Reading scores for 2009 showed significant improvement from 2007 among fourth-graders in four urban school districts and among eighth-graders in two, according to a report released Thursday.
The report describes the results of the latest Trial Urban District Assessment from the National Center for Education Statistics. It looks only at the nation's largest urban school districts - six of them in 2002, then jumping to 11 in 2007 and 18 in 2009.
The districts the report flagged as showing significant increases from 2007 to 2009 were Boston, the District of Columbia, Houston and New York City for fourth-graders, and Atlanta and Los Angeles for eighth-graders.
The national average reading scores remained virtually flat over that period for fourth-graders and improved slightly for eighth-graders, the report says.
Scores in urban areas have traditionally trailed the national average scores. In only one of the 18 urban districts whose 2009 scores were examined - Charlotte, North Carolina - were the scores for fourth-graders higher than the national average. Statistically, Charlotte's reading scores showed no significant change compared with 2007.
Secretary of Education Arne Duncan highlighted Atlanta and Los Angeles in a written statement on the report, saying that "since the urban district assessments started in 2002, Atlanta and Los Angeles have produced significant increases in reading achievement in both fourth grade and eighth grade."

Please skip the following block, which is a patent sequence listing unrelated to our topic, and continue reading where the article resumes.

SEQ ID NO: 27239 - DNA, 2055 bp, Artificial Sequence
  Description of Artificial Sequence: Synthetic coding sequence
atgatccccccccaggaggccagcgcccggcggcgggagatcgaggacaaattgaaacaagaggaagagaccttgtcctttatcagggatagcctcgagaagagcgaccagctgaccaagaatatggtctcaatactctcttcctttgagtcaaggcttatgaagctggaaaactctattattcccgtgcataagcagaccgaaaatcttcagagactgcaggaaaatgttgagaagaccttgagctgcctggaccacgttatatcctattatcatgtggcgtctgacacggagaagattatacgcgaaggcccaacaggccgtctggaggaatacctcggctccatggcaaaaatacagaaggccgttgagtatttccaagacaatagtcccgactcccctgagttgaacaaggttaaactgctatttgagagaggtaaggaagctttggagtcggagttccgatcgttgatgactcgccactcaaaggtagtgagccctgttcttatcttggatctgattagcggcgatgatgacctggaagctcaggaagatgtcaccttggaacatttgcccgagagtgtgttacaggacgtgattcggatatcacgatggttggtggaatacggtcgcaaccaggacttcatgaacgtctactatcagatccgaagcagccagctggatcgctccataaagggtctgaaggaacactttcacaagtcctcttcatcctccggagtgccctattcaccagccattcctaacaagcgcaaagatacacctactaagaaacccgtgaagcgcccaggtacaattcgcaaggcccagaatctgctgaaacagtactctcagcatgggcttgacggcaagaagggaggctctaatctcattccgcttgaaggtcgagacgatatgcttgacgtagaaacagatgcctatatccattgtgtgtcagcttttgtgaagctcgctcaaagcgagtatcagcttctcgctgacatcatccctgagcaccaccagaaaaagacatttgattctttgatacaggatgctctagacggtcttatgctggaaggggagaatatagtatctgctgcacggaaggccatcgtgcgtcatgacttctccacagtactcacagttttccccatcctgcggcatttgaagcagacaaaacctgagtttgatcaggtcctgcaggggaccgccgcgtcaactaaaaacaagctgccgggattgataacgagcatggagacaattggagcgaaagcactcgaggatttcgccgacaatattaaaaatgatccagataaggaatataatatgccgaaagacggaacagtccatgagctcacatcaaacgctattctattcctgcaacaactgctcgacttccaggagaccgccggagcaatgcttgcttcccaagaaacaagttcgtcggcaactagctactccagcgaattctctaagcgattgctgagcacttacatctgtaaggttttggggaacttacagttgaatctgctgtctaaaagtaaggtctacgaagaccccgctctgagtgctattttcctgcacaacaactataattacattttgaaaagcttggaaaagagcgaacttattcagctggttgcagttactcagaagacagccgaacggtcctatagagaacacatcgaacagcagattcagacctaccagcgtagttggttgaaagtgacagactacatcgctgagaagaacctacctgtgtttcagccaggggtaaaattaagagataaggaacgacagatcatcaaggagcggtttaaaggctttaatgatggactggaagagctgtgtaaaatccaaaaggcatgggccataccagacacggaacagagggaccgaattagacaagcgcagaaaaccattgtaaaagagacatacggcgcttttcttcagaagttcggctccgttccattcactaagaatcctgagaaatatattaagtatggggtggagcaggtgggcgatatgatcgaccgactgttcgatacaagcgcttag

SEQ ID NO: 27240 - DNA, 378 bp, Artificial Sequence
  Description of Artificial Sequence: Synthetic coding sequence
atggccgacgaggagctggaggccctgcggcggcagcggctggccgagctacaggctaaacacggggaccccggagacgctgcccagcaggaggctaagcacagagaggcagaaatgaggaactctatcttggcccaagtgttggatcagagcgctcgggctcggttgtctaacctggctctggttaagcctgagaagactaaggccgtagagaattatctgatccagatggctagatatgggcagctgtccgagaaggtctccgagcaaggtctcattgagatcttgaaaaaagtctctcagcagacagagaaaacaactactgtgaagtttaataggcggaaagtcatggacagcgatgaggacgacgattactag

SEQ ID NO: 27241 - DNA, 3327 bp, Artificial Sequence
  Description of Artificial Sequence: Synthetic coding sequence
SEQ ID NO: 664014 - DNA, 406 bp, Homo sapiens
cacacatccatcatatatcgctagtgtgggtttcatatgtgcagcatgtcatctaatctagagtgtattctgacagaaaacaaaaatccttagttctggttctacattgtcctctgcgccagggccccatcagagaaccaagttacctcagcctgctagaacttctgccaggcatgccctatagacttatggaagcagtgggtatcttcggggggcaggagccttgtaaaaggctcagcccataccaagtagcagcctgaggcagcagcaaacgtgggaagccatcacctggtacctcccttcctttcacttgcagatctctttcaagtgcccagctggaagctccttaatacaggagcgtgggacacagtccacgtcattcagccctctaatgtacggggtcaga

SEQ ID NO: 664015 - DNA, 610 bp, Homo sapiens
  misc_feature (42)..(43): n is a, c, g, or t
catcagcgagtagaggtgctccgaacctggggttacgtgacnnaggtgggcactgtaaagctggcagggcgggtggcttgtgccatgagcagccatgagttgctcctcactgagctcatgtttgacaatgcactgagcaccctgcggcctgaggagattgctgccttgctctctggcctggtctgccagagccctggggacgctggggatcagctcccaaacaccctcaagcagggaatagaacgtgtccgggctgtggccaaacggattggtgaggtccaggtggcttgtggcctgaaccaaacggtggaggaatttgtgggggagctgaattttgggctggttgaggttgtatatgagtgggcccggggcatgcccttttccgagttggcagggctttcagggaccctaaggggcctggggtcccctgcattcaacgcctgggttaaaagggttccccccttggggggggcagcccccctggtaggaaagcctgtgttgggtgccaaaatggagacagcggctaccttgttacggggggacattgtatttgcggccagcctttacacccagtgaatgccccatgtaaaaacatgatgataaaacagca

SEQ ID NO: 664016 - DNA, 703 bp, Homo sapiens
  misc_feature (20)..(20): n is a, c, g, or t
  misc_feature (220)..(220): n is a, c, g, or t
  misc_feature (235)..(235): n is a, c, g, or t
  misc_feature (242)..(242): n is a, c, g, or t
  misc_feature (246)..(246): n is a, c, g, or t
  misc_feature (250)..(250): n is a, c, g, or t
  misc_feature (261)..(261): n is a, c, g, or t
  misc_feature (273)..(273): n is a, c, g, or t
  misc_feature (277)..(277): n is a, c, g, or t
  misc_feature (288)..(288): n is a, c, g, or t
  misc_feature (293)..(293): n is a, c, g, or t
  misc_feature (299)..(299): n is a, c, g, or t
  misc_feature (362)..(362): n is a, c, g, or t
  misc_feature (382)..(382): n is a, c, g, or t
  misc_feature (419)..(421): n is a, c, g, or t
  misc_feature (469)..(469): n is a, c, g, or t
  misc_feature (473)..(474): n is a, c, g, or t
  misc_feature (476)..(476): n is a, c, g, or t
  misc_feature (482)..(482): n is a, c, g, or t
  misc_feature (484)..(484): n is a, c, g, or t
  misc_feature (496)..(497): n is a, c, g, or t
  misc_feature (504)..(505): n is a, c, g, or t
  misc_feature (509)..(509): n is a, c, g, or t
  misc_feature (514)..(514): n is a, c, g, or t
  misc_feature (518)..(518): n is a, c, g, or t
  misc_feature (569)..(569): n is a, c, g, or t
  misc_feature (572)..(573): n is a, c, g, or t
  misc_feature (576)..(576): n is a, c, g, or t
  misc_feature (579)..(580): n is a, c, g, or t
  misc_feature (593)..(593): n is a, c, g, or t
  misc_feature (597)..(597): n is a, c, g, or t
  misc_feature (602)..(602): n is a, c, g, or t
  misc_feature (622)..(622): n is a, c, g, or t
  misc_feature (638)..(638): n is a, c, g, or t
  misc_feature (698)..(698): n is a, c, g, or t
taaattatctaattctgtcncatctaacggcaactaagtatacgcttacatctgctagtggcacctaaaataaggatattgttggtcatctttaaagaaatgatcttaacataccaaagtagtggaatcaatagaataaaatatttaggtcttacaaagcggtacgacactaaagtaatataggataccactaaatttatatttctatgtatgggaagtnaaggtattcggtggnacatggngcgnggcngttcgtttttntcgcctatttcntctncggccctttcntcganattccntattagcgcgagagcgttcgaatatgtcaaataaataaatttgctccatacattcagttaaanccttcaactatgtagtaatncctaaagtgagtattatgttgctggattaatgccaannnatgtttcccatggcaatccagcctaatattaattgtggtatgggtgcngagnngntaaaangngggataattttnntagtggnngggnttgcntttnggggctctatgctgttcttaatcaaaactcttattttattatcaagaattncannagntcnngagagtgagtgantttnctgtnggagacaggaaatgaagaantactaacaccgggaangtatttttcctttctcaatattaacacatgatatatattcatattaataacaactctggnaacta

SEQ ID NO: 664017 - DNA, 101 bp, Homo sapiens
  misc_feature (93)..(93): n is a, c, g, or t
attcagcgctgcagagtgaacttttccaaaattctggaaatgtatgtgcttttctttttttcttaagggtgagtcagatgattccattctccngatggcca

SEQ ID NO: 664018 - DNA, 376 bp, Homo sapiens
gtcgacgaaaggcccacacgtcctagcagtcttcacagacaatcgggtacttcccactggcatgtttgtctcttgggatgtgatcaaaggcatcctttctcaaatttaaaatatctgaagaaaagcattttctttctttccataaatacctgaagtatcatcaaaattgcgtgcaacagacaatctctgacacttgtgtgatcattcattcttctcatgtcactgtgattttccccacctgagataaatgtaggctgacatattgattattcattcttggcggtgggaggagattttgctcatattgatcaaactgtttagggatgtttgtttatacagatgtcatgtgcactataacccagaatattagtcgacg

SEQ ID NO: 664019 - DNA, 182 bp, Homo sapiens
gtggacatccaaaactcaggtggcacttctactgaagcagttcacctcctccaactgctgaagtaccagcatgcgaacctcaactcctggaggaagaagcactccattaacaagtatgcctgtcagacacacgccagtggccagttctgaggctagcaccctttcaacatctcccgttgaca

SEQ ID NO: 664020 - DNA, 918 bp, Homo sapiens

He also pointed out that Boston has shown significant increases since it began participating in 2003.
The report also compares urban students' scores based on race/ethnicity and on eligibility for free/reduced-price school lunch. Urban districts tend to have a higher number of students from minority and low-income families.
The report says that for eighth-graders, reading scores for white students in Atlanta, Austin and Boston were higher than the national average for white students, while only in the Charlotte-Mecklenburg school district did black students score above the national average for black students.
The Miami-Dade school district in Florida was the only one among the 18 urban district where eighth-grade Hispanic students scored above the national average for such students, and where students eligible for free/reduced-price lunches scored higher than the national average for that subgroup.
The report can be found online at nces.ed.gov/nationsreportcard/pdf/dst2009/2010459.pdf